It’s the third week of National Preparedness Month, and this week focuses on limiting the impacts that disasters have on you and your family.
Too often, disaster preparedness lessons are limited to school fire drills, active shooting, or simply avoided altogether due to the sensitive nature of the topic. However, learning about disasters and how to respond helps children—and adults—gain
a sense of understanding and control so they are equipped to respond more quickly and safely in a crisis. With the proper education you and your child(ren) can feel more secure, confident, and helpful in the event of an emergency.
There’s no doubt about it: disaster preparedness saves lives. And, while having an emergency disaster kit and evacuation plan are important, knowing the specifics about the disasters you’re most likely to be involved in can help you even more. Some of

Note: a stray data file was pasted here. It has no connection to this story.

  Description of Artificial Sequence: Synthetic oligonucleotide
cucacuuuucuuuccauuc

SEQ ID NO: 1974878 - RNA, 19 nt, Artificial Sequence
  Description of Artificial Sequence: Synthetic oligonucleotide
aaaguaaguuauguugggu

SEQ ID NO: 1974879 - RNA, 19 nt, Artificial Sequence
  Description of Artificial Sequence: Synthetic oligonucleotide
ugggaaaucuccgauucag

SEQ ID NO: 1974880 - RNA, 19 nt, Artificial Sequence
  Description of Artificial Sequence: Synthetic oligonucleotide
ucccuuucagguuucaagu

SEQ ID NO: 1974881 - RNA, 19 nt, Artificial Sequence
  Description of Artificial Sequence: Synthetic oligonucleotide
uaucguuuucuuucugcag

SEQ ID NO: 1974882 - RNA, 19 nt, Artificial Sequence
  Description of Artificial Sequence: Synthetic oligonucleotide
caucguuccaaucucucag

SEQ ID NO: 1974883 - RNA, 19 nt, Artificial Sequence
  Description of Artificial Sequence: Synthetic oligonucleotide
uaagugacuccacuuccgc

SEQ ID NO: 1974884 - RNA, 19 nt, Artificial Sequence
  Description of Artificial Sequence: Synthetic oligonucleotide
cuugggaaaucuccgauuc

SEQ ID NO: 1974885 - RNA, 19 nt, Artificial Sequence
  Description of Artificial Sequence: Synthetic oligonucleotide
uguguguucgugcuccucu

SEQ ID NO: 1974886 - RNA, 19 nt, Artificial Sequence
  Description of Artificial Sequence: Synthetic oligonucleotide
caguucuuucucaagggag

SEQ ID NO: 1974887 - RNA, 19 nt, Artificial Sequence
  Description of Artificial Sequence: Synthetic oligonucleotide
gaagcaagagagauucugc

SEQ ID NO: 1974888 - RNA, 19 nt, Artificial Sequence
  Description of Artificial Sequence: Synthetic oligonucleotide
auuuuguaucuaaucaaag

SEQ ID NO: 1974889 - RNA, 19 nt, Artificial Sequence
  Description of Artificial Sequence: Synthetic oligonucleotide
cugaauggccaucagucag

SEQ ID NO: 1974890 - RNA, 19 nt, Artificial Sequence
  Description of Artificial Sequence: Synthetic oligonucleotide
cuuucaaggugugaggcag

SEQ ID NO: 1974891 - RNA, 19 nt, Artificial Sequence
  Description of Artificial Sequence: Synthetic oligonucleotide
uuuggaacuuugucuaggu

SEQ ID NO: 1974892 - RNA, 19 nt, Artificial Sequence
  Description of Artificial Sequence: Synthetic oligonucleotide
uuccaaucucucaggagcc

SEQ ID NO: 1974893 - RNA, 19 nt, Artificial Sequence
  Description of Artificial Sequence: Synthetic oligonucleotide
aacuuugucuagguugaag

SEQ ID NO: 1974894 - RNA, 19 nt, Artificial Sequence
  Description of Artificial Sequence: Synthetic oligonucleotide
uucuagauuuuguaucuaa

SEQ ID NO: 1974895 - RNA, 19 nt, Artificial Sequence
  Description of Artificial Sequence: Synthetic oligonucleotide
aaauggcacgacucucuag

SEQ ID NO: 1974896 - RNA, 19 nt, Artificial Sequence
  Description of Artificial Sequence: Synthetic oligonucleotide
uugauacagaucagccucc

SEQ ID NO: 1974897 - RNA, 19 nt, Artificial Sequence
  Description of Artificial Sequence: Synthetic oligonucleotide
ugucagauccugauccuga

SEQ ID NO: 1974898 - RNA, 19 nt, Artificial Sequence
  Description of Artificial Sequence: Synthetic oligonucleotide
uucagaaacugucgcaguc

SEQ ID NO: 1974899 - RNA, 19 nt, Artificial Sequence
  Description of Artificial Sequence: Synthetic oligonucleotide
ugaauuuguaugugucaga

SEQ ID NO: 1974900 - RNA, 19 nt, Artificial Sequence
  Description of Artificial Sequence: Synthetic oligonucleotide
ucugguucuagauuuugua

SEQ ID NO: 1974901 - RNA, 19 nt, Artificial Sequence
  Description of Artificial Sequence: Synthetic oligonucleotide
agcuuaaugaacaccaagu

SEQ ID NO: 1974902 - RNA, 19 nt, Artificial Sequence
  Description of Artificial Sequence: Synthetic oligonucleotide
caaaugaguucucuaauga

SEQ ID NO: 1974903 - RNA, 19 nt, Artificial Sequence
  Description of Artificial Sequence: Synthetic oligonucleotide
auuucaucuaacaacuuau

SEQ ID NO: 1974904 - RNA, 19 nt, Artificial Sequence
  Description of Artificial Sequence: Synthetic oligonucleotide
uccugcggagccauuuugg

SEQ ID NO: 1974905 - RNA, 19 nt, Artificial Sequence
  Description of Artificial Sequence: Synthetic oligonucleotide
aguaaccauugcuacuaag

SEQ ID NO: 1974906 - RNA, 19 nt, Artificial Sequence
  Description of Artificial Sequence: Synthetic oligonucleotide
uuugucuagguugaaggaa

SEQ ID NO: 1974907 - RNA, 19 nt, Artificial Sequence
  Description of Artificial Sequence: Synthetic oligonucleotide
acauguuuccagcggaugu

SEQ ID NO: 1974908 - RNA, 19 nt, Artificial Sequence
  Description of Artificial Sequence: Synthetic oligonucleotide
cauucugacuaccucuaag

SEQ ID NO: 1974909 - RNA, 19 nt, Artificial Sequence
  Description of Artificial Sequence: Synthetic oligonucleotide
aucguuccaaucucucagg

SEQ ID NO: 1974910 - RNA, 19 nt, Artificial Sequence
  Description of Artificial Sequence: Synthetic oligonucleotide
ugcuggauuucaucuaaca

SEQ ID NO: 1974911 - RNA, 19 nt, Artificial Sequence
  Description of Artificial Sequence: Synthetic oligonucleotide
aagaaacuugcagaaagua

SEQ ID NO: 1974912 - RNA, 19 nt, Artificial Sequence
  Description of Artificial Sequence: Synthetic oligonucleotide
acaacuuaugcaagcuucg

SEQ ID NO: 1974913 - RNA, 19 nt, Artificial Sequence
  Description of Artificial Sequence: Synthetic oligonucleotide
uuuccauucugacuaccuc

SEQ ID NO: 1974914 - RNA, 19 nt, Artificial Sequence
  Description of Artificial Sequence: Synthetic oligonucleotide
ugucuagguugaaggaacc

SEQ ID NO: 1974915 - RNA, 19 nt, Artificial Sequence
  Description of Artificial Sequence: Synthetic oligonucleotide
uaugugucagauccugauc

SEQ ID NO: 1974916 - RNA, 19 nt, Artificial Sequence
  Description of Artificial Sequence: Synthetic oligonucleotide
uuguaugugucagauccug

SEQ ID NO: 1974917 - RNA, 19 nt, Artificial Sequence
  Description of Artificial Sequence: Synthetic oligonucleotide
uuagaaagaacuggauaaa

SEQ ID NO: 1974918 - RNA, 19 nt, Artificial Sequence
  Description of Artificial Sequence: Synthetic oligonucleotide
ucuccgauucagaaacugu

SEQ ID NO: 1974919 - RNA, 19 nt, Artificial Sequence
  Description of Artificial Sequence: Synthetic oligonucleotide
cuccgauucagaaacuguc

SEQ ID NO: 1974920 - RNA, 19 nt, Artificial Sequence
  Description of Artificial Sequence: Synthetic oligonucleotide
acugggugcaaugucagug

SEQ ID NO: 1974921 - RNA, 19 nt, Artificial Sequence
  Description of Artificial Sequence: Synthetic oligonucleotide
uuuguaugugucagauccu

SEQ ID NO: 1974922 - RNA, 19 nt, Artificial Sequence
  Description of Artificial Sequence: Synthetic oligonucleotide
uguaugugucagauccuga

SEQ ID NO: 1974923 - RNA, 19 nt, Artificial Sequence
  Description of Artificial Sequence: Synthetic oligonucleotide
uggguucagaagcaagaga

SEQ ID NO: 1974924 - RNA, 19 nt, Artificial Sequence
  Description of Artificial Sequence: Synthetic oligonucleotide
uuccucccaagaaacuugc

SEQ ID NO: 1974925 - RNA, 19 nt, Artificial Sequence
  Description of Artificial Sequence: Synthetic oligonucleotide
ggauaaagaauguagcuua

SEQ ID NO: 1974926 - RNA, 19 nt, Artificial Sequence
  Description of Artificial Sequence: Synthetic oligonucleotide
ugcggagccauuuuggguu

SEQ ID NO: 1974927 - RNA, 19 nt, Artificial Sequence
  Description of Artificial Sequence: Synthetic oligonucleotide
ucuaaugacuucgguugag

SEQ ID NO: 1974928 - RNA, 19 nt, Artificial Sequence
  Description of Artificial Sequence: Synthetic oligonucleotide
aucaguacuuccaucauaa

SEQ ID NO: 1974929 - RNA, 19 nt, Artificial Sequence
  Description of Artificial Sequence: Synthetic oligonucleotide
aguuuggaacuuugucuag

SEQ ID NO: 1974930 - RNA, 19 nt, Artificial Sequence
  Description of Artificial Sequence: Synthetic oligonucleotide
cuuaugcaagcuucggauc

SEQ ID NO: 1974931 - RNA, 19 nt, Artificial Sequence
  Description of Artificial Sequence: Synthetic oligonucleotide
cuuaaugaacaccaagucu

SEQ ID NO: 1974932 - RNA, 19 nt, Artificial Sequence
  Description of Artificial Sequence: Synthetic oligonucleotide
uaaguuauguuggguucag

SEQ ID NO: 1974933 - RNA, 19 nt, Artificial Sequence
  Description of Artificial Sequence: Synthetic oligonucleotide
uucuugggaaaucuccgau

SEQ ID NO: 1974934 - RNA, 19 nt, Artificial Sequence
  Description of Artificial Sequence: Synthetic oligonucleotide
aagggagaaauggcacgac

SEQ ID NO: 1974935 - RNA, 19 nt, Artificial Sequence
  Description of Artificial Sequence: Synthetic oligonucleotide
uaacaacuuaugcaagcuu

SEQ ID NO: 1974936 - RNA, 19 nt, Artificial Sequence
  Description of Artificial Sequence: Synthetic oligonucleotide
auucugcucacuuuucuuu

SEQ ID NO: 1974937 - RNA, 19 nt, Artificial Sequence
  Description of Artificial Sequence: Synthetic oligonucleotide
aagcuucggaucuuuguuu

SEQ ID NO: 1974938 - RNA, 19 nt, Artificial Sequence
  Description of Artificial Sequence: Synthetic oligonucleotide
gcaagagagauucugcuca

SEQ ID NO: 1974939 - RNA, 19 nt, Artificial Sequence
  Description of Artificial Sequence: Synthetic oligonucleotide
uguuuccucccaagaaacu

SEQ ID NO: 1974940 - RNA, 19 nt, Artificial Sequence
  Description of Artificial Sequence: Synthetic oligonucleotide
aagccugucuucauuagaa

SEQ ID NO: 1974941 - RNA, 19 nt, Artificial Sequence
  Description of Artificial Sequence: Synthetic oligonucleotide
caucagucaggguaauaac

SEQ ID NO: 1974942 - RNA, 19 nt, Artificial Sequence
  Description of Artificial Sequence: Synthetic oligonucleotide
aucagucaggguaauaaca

the most common disasters you may become victims of are floods, tornadoes, wildfires, extreme cold, extreme heat, power outages, pandemics, and more.
No matter where you live, you’re susceptible to emergencies and disasters—and the only way to get through them is to be prepared. In order to keep yourself and your family safe from the unexpected you must know your risks, know what you need to do,
and be able to act upon it.
For more information on ways you can prepare yourself, your family, and your child(ren) before an emergency occurs, visit Ready.gov. This site has some fun tips and games for the whole family. Remember, “Disasters
Don’t Wait. Make Your Plan Today.”
This message is brought to you by the IUP Emergency Management Office.